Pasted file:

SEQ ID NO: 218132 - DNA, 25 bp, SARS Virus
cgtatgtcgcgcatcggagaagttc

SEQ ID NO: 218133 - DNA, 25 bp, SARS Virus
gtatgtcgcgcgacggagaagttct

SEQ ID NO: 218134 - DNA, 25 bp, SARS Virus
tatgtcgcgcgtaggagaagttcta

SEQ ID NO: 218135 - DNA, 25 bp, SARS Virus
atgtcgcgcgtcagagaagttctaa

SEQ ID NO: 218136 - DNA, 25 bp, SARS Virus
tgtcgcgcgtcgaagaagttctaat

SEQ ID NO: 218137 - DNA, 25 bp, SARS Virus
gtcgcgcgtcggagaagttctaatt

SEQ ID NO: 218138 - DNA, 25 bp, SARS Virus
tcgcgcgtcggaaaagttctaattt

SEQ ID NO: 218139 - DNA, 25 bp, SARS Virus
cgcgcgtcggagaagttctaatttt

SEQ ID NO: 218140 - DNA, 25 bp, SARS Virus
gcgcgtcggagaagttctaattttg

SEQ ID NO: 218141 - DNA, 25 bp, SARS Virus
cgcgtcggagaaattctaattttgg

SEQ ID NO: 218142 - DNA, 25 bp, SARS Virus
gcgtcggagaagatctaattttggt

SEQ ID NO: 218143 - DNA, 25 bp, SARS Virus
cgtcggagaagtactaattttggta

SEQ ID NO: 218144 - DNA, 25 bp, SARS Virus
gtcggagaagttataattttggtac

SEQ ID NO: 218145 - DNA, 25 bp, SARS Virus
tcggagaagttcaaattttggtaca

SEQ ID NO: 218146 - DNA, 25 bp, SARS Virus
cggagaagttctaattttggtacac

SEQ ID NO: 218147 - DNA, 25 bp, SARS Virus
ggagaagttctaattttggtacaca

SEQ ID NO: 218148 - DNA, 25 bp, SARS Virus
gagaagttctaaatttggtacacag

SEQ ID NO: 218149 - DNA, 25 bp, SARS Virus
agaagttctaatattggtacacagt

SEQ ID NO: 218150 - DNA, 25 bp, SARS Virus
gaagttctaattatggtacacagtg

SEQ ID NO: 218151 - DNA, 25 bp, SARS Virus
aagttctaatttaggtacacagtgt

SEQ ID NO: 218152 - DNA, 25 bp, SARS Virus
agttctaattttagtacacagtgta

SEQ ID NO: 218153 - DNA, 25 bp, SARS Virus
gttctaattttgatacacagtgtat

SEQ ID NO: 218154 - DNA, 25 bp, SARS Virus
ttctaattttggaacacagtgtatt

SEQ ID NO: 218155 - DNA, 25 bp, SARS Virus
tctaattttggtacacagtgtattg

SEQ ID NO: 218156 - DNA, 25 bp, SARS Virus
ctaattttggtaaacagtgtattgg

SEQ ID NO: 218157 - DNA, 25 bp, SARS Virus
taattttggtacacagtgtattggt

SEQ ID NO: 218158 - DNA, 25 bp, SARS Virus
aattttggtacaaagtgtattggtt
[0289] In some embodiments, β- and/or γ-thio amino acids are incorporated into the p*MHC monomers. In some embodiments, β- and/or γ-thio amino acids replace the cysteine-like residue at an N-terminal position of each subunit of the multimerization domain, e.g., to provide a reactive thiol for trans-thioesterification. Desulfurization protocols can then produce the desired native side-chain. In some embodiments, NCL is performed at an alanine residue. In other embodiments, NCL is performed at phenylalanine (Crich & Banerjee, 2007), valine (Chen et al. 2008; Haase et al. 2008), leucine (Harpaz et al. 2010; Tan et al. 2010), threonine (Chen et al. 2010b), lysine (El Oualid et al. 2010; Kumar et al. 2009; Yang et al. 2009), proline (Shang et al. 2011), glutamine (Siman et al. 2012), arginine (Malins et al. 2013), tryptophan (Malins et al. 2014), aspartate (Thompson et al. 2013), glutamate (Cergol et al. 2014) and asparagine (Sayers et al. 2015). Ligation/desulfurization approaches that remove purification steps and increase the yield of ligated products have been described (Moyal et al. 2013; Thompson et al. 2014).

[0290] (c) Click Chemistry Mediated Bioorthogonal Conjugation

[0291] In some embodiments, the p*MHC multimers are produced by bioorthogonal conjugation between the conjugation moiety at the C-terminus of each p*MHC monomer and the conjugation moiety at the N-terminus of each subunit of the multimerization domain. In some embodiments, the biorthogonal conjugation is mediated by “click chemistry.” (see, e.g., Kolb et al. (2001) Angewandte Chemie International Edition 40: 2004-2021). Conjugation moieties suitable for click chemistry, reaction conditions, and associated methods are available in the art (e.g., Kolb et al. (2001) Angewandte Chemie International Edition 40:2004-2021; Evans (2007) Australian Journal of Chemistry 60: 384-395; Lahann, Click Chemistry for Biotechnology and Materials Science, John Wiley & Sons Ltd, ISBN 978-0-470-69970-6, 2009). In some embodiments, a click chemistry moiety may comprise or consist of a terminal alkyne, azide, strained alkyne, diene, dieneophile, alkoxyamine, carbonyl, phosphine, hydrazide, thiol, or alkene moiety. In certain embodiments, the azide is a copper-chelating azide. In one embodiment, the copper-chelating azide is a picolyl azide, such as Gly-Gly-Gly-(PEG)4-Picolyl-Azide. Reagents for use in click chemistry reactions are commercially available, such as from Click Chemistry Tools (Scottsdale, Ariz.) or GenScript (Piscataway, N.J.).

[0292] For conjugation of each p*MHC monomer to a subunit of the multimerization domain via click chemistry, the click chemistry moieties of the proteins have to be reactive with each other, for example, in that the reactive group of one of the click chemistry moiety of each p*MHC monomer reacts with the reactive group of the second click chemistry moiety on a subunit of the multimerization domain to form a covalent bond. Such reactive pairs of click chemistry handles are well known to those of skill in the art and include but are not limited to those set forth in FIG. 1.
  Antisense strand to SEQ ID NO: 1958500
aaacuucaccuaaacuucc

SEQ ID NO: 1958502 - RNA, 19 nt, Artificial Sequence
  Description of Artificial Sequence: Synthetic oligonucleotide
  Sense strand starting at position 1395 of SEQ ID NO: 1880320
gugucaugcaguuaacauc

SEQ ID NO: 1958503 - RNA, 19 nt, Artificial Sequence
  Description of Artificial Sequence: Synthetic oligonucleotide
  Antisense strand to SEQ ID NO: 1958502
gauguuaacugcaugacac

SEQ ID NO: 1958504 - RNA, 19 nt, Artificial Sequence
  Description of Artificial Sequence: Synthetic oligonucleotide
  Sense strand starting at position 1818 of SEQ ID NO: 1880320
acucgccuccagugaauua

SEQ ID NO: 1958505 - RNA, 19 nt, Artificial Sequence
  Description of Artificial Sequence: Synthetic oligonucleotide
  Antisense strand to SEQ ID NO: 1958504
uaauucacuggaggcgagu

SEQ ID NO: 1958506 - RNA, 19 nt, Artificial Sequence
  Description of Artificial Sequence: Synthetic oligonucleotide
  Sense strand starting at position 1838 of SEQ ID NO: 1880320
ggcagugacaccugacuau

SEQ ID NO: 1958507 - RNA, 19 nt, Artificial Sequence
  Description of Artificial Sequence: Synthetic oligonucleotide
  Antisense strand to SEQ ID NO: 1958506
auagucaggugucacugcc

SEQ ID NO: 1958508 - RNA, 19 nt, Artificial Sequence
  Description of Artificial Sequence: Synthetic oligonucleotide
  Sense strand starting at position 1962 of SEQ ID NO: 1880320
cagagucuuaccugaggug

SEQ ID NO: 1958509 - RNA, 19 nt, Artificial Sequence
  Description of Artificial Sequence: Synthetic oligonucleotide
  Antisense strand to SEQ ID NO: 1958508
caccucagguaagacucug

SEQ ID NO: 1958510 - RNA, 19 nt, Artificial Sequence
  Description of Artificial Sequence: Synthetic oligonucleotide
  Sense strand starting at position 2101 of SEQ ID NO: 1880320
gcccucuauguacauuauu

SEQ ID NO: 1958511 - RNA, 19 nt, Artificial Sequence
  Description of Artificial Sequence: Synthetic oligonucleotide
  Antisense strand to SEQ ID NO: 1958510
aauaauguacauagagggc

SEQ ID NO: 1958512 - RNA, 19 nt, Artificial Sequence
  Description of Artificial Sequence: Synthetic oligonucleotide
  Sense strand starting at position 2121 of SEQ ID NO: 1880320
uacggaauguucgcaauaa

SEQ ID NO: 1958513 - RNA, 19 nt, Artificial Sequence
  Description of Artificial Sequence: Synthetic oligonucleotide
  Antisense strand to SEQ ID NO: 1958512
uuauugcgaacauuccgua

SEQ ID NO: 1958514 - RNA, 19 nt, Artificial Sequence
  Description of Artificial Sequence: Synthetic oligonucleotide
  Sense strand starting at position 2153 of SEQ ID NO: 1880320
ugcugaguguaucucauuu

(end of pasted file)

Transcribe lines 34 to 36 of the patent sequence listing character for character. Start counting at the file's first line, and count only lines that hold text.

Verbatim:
gagaagttctaaatttggtacacag

SEQ ID NO: 218149 - DNA, 25 bp, SARS Virus
agaagttctaatattggtacacagt